Have you recently gotten hooked on keeping fit? If so, you’re far from alone. Lots of people these days have come to really make physical fitness a core part of their lives, due to the many benefits of it that they have come to more fully understand and appreciate. Of course, we’ve always known that more and better-designed physical activity is ultimately good for us, but it’s arguably reached new levels of importance to people these days who have turned to exercise to help them endure the challenges of the very stressful modern world.
Different Types of Workout for Different Types of People
Different workouts will work for different people, too. This is because each type of workout that has emerged and gained a following for itself has different specific styles to be considered. Each type of workout tends to require certain skill or preexisting readiness levels, and target a different need as well. As such, a college student seeking to lose their freshman fifteen might have a different workout to consider than, say, a varsity player seeking to maintain their conditioning for a big game. Jogging, weights, and even the currently popular Crossfit styles will appeal to different people. Should you decide that you’ve had your fill of the traditional workout style, and thus want to give Crossfit a whirl, here are some ideas that might help.
8 Top Tips for Crossfit Beginners:
- Don’t worry too much about special gear or attire. One thing Crossfit is known for is how stripped-down it is to essentially the main principles of working out. If you have decent, reliable workout shorts or pants, snug tank tops or t-shirts, you should be good to go. Even these recommendations are only made because tends to be easier to move around without loose clothing flapping all over the place. Other than that, you’ll see the progress you want even if you don’t wear top of the line gear.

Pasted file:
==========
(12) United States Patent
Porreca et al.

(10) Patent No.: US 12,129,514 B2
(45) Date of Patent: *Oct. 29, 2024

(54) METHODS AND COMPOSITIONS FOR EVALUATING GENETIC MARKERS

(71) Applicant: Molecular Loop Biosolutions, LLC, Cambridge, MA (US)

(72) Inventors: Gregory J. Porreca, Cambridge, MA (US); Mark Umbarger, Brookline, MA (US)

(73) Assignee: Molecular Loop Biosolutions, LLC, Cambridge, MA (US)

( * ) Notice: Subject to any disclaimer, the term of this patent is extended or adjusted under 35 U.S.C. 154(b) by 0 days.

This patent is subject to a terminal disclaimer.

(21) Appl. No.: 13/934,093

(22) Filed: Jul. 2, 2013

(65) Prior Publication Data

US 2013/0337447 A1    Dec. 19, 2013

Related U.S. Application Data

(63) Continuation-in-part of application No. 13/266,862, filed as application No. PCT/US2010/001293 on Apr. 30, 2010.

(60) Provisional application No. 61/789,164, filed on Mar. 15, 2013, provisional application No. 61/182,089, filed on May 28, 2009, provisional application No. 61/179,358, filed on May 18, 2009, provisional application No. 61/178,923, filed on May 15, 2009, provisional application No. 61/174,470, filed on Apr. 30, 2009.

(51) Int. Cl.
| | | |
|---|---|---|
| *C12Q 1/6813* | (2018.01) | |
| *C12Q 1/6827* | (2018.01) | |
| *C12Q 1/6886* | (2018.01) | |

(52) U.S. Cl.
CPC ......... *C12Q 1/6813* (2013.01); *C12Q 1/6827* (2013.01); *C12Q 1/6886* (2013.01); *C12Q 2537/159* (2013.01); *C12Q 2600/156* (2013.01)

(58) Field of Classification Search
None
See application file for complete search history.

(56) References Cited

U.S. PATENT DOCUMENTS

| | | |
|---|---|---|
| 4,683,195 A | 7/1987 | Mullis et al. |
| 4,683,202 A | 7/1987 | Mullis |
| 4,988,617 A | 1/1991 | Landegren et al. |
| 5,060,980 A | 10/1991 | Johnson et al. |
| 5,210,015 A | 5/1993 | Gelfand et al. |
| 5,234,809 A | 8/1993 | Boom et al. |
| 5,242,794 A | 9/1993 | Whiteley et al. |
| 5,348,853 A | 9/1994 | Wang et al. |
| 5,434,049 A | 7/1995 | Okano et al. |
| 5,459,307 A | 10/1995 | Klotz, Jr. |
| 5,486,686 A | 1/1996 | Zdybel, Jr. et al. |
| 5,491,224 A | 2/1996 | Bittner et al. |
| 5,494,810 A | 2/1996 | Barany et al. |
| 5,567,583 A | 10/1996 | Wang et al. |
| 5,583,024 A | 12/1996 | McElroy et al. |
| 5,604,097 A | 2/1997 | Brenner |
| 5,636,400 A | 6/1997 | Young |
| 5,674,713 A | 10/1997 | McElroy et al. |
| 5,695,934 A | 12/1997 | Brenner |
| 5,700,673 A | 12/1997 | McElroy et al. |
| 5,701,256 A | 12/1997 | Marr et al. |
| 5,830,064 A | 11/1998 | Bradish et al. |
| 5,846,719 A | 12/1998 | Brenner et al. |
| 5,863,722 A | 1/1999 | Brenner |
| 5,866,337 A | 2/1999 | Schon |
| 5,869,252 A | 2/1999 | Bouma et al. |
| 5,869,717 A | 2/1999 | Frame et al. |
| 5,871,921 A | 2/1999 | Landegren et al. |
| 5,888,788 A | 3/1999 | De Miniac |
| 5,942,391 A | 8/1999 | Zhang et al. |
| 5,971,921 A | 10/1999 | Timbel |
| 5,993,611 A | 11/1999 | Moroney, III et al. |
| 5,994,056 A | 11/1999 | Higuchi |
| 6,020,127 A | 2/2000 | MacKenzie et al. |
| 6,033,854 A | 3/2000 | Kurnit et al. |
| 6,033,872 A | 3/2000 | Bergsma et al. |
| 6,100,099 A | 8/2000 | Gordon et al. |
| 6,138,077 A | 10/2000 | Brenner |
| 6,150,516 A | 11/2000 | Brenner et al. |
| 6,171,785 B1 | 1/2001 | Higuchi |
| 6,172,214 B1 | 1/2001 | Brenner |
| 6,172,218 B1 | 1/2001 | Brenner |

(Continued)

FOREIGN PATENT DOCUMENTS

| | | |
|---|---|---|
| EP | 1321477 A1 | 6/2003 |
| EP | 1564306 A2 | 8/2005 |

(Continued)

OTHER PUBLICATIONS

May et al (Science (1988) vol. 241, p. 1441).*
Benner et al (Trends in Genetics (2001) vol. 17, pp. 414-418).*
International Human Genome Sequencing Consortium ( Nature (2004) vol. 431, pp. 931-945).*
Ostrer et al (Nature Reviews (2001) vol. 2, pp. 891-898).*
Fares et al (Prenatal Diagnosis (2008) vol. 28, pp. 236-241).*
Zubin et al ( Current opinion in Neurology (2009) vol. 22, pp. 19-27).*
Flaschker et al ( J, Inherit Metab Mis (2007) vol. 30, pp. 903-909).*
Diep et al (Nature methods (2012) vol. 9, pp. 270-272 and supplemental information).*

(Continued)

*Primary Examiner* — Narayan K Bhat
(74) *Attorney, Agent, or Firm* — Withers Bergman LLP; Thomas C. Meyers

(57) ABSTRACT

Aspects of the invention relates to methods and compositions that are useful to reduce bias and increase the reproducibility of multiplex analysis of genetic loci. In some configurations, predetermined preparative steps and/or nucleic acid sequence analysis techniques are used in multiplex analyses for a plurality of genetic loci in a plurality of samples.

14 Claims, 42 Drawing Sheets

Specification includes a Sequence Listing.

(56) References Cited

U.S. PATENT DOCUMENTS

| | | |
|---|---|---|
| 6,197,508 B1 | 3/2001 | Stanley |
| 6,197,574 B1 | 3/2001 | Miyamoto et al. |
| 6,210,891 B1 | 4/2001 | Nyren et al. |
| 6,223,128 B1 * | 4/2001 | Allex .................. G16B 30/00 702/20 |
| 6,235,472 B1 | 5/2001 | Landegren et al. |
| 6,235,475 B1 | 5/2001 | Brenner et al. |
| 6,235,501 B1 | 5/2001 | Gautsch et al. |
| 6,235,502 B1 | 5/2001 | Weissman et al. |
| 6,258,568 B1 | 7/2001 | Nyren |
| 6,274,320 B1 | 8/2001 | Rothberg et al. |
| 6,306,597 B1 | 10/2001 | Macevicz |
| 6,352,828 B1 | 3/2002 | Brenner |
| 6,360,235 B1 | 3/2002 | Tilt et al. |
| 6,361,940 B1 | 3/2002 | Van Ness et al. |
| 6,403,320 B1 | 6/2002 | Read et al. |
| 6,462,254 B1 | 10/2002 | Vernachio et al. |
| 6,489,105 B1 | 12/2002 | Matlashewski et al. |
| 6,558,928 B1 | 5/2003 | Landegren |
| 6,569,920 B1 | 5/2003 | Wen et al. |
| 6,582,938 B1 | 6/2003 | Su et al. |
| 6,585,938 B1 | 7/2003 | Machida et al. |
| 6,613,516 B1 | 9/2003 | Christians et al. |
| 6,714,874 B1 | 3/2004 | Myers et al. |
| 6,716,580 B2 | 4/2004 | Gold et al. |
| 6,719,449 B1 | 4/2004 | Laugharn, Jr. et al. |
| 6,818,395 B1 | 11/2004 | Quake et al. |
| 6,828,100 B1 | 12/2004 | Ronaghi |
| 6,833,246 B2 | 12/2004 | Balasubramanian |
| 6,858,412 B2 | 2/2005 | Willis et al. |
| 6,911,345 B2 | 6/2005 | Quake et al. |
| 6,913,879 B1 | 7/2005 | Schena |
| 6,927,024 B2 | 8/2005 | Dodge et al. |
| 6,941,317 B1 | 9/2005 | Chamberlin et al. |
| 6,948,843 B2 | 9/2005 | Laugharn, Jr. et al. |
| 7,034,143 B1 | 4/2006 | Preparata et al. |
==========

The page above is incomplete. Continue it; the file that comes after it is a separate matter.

- Own it. It’s incredibly motivational to take on the nature of the workout and say so, rather than not even mentioning it. Don’t worry about people wondering if you just joined in because of the admittedly rather sweeping bandwagon – if it feels good and it works for you, it’s worth acknowledging.
- Feel free to ask questions. Crossfit is a funny gig in that there are even unique bits of jargon floating about characterizing it as a unique experience. This isn’t something deliberately done as a branding gimmick, either – every locale will have its own lingo, so to speak, and this is no different. Even outside terms like WOD and AMRAP, you might have certain questions about how things work. Feel free to ask others if there’s something you don’t know, and then pay it forward by answering questions for later newcomers.
- Get technique down pat, and then intensify. It’s incredibly motivational to take on the nature of the workout and say so, rather than not even mentioning it. Don’t worry about people wondering if you just joined in because of the admittedly rather sweeping bandwagon – if it feels good and it works for you, it’s worth acknowledging.
- Consistency and patience is the key. Results will follow suit after you keep at it long enough. It’s like any other workout in this regard – people don’t like Crossfit because it gets them results faster and more easily, no matter how they feel about it. If you’re serious about wanting results, give this about three months to start showing you growth, and then call it if you must. Quitting after a couple of weeks because you’re not feeling any different is counterproductive. For most beginners, though, a month is usually enough to indicate a good amount of change that proves encouraging enough for them to continue for even longer.
- Step up your double-under game. A double-under is skipping rope, and with each A double-under is skipping rope, and skip swinging the rope twice under your feet. This is a popular early WOD for Crossfit, and it’s easy to get frustrated because it can get kind of tricky. It’s a small tip, but this shouldn’t be underestimated.
- Let your body dictate your pace, not the RX. RX means ‘prescribed’ (in a reference to doctors’ prescription pads), and identifies the recommended weights or standards for whatever workout you’ve got. While it can be tempting to hold yourself up to that – and it does make sense to want to measure according to properly-determined standards – it can get counterproductive if you’re focusing on that over the more realistic. You’re doing this to improve your capabilities, so focus on that instead – use the RX as a point of reference, and don’t feel bad at all about scaling your workout based on where your abilities are actually at.
- Brace for bad days. No workout is perfect, no gym, no person. Ups and downs are just to be expected, and sometimes it really is going to suck. Exercise can take a toll, and it probably will, by design – you’re putting your body through a lot, after all. But keep the reason you’re doing this in sight, and make the most of the good days when they come (and they will, too – it’s not ALL difficult). You’ll find your mental toughness will grow alongside your physical toughness, and your outlook on life in general can be reshaped as well.